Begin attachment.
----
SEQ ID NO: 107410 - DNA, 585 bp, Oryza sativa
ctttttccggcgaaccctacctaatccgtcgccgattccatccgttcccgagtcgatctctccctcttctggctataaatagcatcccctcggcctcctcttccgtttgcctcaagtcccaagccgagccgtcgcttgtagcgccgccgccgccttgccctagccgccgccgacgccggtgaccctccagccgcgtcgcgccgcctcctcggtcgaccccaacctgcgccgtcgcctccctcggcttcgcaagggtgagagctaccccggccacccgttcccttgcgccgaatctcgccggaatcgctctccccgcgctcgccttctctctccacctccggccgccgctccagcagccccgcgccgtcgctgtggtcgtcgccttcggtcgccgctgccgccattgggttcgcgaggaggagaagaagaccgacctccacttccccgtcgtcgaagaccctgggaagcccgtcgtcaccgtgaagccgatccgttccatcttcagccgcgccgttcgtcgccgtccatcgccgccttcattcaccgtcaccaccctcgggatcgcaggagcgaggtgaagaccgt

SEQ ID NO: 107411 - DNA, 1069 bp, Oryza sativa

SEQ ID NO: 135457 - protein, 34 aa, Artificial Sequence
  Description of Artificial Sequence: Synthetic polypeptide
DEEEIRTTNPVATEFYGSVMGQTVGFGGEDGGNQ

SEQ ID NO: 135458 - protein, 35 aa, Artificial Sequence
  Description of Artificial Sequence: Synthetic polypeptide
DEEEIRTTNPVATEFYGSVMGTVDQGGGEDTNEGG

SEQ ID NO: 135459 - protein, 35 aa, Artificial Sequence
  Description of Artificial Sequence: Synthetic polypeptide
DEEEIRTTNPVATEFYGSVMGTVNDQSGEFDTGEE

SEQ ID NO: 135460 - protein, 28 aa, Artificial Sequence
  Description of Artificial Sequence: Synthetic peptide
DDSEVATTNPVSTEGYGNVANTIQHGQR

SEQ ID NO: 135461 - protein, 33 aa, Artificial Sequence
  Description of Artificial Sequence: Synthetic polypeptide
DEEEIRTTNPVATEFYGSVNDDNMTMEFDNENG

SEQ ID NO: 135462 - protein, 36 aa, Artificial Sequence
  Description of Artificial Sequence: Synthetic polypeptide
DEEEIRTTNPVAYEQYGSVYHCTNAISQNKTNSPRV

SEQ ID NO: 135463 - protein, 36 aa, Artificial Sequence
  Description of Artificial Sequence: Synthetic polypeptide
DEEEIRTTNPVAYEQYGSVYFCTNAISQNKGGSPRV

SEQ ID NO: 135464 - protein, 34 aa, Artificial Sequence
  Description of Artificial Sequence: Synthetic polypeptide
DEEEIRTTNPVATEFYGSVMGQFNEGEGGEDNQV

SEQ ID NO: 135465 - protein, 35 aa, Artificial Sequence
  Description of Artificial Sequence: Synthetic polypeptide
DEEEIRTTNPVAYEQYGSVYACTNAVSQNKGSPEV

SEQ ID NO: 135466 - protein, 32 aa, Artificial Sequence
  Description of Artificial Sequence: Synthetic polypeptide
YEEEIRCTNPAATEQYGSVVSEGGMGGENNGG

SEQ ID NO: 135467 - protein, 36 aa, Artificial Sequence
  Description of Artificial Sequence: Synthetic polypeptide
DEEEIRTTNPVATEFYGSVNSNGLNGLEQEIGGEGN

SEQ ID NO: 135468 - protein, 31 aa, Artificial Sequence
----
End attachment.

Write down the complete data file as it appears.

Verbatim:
SEQ ID NO: 107410 - DNA, 585 bp, Oryza sativa
ctttttccggcgaaccctacctaatccgtcgccgattccatccgttcccgagtcgatctctccctcttctggctataaatagcatcccctcggcctcctcttccgtttgcctcaagtcccaagccgagccgtcgcttgtagcgccgccgccgccttgccctagccgccgccgacgccggtgaccctccagccgcgtcgcgccgcctcctcggtcgaccccaacctgcgccgtcgcctccctcggcttcgcaagggtgagagctaccccggccacccgttcccttgcgccgaatctcgccggaatcgctctccccgcgctcgccttctctctccacctccggccgccgctccagcagccccgcgccgtcgctgtggtcgtcgccttcggtcgccgctgccgccattgggttcgcgaggaggagaagaagaccgacctccacttccccgtcgtcgaagaccctgggaagcccgtcgtcaccgtgaagccgatccgttccatcttcagccgcgccgttcgtcgccgtccatcgccgccttcattcaccgtcaccaccctcgggatcgcaggagcgaggtgaagaccgt

SEQ ID NO: 107411 - DNA, 1069 bp, Oryza sativa

SEQ ID NO: 135457 - protein, 34 aa, Artificial Sequence
  Description of Artificial Sequence: Synthetic polypeptide
DEEEIRTTNPVATEFYGSVMGQTVGFGGEDGGNQ

SEQ ID NO: 135458 - protein, 35 aa, Artificial Sequence
  Description of Artificial Sequence: Synthetic polypeptide
DEEEIRTTNPVATEFYGSVMGTVDQGGGEDTNEGG

SEQ ID NO: 135459 - protein, 35 aa, Artificial Sequence
  Description of Artificial Sequence: Synthetic polypeptide
DEEEIRTTNPVATEFYGSVMGTVNDQSGEFDTGEE

SEQ ID NO: 135460 - protein, 28 aa, Artificial Sequence
  Description of Artificial Sequence: Synthetic peptide
DDSEVATTNPVSTEGYGNVANTIQHGQR

SEQ ID NO: 135461 - protein, 33 aa, Artificial Sequence
  Description of Artificial Sequence: Synthetic polypeptide
DEEEIRTTNPVATEFYGSVNDDNMTMEFDNENG

SEQ ID NO: 135462 - protein, 36 aa, Artificial Sequence
  Description of Artificial Sequence: Synthetic polypeptide
DEEEIRTTNPVAYEQYGSVYHCTNAISQNKTNSPRV

SEQ ID NO: 135463 - protein, 36 aa, Artificial Sequence
  Description of Artificial Sequence: Synthetic polypeptide
DEEEIRTTNPVAYEQYGSVYFCTNAISQNKGGSPRV

SEQ ID NO: 135464 - protein, 34 aa, Artificial Sequence
  Description of Artificial Sequence: Synthetic polypeptide
DEEEIRTTNPVATEFYGSVMGQFNEGEGGEDNQV

SEQ ID NO: 135465 - protein, 35 aa, Artificial Sequence
  Description of Artificial Sequence: Synthetic polypeptide
DEEEIRTTNPVAYEQYGSVYACTNAVSQNKGSPEV

SEQ ID NO: 135466 - protein, 32 aa, Artificial Sequence
  Description of Artificial Sequence: Synthetic polypeptide
YEEEIRCTNPAATEQYGSVVSEGGMGGENNGG

SEQ ID NO: 135467 - protein, 36 aa, Artificial Sequence
  Description of Artificial Sequence: Synthetic polypeptide
DEEEIRTTNPVATEFYGSVNSNGLNGLEQEIGGEGN

SEQ ID NO: 135468 - protein, 31 aa, Artificial Sequence